What is TypeScript?

Who created the JavaScript-compatible programming language, and what is it used for?

Developed by Microsoft, TypeScript is an open source programming language that serves as a superset of JavaScript, and is predominately used to write large applications.

Conceptualised just under 10 years ago, Typescript was born from a need among Microsoft developers' ranks to create a form of JavaScript that was much easier to write with, more maintainable, and could handle expanding loads.

The first public version was released in 2012, and support has since been incorporated into a host of applications, for example, TypeScript for Visual Studio. But its open source nature means the underlying source code is available for developers to utilise and build on via GitHub.

Who created TypeScript?

This programming language is the culmination of years' work by Microsoft developers who grew frustrated at the lack of necessary features within JavaScript to productively write and maintain large-scale applications.

"JavaScript was never really designed to be a programming language for big applications. It's a scripting language," explained Microsoft fellow and TypeScript founder Anders Hejlsberg, introducing the programming language in 2012. "It doesn't have static typing, but more importantly perhaps it lacks some of the structuring mechanisms you need in larger applications, like classes and modules, and perhaps interfaces."

When they were trying to see where they could go next with javascript development tools, he continued, Microsoft developers started learning that many people in the industry who encountered this issue turned to Google's GWT, or the open-source C#-based ScriptShark, integrated with software such as Microsoft Visual Studio.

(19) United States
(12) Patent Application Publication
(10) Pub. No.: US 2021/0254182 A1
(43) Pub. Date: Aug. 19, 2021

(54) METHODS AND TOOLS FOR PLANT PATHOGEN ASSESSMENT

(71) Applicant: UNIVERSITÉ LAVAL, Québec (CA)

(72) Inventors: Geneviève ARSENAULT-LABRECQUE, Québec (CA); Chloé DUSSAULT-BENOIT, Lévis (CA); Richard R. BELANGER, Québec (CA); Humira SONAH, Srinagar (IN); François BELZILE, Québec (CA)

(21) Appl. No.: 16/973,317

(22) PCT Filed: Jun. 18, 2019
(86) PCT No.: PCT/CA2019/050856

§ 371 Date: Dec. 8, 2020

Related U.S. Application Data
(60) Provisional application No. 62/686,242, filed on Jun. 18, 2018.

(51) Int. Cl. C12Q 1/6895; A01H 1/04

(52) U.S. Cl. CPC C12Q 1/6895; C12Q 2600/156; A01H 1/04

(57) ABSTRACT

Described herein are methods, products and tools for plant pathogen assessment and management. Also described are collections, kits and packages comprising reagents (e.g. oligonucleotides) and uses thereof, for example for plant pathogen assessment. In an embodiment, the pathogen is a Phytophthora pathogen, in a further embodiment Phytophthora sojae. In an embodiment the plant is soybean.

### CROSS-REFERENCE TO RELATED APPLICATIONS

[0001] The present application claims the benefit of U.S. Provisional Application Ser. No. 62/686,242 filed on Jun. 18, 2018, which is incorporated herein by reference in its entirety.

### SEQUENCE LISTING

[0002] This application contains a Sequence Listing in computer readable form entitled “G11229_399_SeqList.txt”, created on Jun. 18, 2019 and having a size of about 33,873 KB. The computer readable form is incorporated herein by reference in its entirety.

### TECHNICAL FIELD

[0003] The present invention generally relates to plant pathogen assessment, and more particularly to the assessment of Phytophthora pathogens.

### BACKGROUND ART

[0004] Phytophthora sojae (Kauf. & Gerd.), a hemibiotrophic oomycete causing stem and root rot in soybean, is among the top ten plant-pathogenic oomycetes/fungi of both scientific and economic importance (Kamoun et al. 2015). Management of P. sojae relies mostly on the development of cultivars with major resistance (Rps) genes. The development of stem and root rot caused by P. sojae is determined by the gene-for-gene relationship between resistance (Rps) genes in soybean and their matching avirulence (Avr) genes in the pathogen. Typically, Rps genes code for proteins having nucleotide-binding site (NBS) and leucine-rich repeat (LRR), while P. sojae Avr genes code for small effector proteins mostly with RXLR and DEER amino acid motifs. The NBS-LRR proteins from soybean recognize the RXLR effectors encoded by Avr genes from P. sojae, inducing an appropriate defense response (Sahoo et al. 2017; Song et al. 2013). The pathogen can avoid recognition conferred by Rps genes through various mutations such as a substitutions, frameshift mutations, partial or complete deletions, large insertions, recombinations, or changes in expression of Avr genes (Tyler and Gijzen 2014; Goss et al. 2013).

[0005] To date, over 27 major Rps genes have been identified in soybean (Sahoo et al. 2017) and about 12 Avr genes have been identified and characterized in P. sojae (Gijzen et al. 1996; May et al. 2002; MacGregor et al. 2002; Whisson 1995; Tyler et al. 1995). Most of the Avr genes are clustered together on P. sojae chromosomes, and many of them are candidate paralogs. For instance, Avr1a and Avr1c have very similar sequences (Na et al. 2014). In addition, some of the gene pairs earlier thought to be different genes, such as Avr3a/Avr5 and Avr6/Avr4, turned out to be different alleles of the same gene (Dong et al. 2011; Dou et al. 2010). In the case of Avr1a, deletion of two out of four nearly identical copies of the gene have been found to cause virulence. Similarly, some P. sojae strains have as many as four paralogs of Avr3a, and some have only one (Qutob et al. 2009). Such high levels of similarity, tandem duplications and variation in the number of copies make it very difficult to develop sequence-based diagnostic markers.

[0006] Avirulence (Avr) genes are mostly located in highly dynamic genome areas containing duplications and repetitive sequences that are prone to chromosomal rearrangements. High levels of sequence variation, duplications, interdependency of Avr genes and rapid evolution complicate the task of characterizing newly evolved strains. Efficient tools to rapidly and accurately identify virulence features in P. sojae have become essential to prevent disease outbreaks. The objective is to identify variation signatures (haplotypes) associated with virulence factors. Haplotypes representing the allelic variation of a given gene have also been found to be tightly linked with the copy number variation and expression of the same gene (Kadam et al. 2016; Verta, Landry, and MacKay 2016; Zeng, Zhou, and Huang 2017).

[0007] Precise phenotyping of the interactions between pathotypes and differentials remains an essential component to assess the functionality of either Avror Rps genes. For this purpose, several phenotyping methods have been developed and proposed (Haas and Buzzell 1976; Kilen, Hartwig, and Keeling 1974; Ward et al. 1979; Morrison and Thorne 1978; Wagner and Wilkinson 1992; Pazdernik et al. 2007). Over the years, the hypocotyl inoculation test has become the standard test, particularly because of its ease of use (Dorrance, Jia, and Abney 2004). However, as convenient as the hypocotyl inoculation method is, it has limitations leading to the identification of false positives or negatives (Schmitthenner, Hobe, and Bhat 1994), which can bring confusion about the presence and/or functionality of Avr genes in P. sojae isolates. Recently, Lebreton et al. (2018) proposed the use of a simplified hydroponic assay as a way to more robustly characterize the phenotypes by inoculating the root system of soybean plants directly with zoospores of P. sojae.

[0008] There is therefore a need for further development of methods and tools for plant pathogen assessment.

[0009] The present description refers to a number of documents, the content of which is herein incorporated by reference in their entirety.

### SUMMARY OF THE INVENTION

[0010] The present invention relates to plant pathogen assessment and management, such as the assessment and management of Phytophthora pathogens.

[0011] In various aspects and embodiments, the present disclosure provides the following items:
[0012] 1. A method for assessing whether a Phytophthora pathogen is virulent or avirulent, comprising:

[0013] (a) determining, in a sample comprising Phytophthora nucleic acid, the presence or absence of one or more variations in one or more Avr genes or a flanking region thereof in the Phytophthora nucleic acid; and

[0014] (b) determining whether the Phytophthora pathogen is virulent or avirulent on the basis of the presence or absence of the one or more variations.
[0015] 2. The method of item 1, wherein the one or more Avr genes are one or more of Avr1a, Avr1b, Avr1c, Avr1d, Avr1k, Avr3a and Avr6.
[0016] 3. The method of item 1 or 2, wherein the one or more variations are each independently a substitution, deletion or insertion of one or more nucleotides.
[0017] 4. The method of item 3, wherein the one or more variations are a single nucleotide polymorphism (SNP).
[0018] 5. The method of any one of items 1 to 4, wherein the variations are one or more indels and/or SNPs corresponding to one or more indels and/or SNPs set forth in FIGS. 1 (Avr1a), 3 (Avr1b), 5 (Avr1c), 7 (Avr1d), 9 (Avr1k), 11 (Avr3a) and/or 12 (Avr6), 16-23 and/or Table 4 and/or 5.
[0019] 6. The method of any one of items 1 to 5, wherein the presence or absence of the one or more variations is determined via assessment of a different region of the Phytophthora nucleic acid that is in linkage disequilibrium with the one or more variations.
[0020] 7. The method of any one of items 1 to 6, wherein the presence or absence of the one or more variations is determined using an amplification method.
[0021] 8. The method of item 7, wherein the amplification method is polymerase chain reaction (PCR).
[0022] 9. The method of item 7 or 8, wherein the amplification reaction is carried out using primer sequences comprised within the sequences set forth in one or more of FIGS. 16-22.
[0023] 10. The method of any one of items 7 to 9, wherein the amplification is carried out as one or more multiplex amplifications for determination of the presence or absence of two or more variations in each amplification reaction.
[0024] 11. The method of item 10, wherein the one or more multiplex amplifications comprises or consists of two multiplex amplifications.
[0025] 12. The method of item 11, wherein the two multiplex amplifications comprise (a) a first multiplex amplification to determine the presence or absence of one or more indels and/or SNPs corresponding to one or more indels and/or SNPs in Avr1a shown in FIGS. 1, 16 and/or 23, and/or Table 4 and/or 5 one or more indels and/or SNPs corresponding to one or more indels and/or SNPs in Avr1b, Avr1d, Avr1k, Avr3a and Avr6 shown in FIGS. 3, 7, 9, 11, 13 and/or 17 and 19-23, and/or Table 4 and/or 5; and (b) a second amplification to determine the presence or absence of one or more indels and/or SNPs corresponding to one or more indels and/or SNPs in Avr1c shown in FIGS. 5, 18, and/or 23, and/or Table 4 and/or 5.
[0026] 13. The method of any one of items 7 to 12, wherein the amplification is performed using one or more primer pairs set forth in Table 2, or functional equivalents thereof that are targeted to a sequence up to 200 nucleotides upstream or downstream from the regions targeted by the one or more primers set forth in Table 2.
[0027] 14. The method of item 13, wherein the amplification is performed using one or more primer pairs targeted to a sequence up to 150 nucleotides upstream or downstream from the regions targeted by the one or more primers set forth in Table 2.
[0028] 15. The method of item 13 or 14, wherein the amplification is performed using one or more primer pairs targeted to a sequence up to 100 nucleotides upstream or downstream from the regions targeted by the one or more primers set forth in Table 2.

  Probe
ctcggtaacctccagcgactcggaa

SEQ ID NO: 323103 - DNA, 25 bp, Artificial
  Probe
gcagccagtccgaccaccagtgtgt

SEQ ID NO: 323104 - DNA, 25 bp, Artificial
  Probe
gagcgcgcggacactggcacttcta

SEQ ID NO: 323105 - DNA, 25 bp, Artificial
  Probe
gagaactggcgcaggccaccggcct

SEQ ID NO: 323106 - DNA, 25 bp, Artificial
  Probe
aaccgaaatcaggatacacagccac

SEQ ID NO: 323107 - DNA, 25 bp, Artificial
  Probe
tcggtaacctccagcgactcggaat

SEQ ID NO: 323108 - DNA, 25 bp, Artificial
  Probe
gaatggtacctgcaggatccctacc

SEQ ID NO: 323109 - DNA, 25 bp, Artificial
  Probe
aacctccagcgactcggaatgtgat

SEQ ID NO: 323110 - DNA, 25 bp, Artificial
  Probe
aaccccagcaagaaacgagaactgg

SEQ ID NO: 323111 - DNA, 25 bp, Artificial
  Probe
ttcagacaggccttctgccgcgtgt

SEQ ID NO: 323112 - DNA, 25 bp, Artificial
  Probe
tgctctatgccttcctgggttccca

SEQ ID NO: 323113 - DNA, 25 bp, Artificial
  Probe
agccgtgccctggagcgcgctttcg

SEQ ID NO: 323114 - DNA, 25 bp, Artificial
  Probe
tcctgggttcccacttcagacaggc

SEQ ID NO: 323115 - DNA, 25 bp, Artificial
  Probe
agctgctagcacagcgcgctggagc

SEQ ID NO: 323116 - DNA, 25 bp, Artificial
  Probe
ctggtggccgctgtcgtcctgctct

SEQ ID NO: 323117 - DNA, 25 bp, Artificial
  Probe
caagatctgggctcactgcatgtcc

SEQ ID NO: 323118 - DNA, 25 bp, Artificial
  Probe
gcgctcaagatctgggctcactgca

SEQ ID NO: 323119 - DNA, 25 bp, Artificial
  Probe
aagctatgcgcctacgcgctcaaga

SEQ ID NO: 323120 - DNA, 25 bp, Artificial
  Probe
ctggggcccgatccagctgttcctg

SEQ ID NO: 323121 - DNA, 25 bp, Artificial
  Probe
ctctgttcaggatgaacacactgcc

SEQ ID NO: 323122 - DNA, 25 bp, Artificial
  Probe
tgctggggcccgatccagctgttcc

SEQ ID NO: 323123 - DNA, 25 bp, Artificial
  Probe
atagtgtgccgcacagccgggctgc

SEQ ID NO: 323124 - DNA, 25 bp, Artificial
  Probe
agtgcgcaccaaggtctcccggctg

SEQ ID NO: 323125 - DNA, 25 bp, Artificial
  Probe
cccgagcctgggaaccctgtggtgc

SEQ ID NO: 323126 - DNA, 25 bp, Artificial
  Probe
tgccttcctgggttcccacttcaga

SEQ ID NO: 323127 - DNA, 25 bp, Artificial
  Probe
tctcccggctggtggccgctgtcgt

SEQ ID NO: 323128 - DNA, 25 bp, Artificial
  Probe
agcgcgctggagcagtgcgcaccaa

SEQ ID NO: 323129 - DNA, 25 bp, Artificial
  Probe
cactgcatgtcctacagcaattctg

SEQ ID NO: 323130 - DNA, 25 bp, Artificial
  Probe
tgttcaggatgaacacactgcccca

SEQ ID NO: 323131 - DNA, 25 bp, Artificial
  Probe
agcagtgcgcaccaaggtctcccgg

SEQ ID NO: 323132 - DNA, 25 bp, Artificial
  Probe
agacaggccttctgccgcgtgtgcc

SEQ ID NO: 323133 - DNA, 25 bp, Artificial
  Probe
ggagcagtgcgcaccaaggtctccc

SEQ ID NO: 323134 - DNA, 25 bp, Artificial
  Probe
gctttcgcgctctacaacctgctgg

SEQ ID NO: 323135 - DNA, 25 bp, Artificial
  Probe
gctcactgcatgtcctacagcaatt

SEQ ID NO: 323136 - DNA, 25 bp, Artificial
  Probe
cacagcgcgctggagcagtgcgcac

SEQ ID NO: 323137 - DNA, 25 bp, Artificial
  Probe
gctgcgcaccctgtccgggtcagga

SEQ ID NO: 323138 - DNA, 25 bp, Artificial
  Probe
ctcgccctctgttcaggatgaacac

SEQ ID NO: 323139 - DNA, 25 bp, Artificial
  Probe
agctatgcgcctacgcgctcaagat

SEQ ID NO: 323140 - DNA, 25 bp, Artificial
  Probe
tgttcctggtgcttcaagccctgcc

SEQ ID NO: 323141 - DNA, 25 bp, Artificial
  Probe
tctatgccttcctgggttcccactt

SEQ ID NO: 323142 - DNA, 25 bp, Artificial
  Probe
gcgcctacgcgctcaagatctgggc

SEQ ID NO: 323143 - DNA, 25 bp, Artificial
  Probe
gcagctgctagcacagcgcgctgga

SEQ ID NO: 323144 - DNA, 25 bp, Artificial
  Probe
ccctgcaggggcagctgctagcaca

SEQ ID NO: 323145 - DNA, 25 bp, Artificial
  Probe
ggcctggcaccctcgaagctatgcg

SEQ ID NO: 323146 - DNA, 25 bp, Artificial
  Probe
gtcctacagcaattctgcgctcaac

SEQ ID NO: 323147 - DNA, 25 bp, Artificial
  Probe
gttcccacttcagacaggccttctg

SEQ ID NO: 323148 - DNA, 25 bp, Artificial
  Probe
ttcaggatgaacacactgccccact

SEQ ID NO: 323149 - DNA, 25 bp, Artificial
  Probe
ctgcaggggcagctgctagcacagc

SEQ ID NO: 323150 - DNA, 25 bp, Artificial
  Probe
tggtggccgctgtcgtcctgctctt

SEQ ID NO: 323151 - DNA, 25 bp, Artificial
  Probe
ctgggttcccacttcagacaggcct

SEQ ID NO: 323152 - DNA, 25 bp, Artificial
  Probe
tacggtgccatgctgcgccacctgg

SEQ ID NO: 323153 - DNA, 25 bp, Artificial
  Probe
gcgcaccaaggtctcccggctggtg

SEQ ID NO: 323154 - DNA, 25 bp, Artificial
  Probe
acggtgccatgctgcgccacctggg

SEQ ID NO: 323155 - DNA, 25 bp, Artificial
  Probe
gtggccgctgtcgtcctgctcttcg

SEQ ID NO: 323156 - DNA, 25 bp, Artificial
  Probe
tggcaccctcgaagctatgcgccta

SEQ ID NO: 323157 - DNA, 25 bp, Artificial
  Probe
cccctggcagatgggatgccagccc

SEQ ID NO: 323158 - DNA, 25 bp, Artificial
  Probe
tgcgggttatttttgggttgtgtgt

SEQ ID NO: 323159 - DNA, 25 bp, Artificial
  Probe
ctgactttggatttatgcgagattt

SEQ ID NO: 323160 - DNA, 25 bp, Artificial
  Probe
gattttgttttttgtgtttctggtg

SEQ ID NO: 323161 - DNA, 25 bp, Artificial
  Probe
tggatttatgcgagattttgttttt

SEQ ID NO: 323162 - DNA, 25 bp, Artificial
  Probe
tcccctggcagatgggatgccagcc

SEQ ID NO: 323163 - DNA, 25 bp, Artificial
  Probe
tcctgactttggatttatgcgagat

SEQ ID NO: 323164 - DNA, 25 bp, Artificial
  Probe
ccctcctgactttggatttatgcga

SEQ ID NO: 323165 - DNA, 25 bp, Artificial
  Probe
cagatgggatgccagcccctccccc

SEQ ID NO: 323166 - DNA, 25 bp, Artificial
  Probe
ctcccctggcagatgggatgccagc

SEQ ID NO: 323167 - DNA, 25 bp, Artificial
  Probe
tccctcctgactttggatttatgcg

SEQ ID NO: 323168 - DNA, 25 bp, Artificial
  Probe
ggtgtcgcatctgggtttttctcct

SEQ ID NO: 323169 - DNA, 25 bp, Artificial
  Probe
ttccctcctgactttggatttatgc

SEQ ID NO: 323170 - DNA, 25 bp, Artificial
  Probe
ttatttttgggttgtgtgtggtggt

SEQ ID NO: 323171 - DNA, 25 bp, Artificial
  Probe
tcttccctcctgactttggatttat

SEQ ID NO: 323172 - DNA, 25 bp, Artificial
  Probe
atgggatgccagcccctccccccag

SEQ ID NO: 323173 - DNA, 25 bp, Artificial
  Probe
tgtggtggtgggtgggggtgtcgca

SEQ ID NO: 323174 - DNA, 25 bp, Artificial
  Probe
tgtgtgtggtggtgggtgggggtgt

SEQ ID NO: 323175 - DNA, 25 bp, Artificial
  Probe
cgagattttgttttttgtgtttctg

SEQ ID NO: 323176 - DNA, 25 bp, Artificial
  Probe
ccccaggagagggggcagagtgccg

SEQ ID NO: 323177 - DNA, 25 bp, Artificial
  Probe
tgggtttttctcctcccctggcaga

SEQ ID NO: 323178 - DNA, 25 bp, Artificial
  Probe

But the issue with this is that the language shifted away from JavaScript, and was therefore difficult to maintain. Their solution was to strengthen JavaScript and create a fully-compatible language, TypeScript, which was made freely available to developers.

Typescript vs JavaScript

TypeScript is known as a superset of JavaScript, and is fully compatible with this, but it still retains a level of independence as a language. In other words, a programme written in JavaScript is also a valid TypeScript programme, and such an app can seamlessly fuse with the former language too.

TypeScript wasn't created as a replacement for JavaScript, and is essentially a form of the ECMAScript-based programming language that scales. It's an escalation of the language, or an expansion, that was designed to smooth out some of the trickiest aspects of coding for JavaScript developers. It's especially important for handling large-scale applications, and because it's a superset of JavaScript, you can merge the two languages without the TypeScript compiler flagging errors in the code. This also means you can exploit a host of additional features such as classes, arrow functions,and modules without departing the JavaScript ecosystem.

One of the biggest differences in the way the two languages function is that TypeScript identifies errors in the code as you type, which is known as static typing. Dynamic typing, on the other hand, means it's not possible to identify a mistake until the code is executed. This could, in turn, lead to minor errors being buried in the larger codebase.

Several integrated development environments (IDE), meanwhile, allow support for TypeScript. These include platforms like VS Doe, ATom Sublime, and Microsoft Visual Studio. Which system you opt for is, however, often a matter of personal preference and any particular project's needs.

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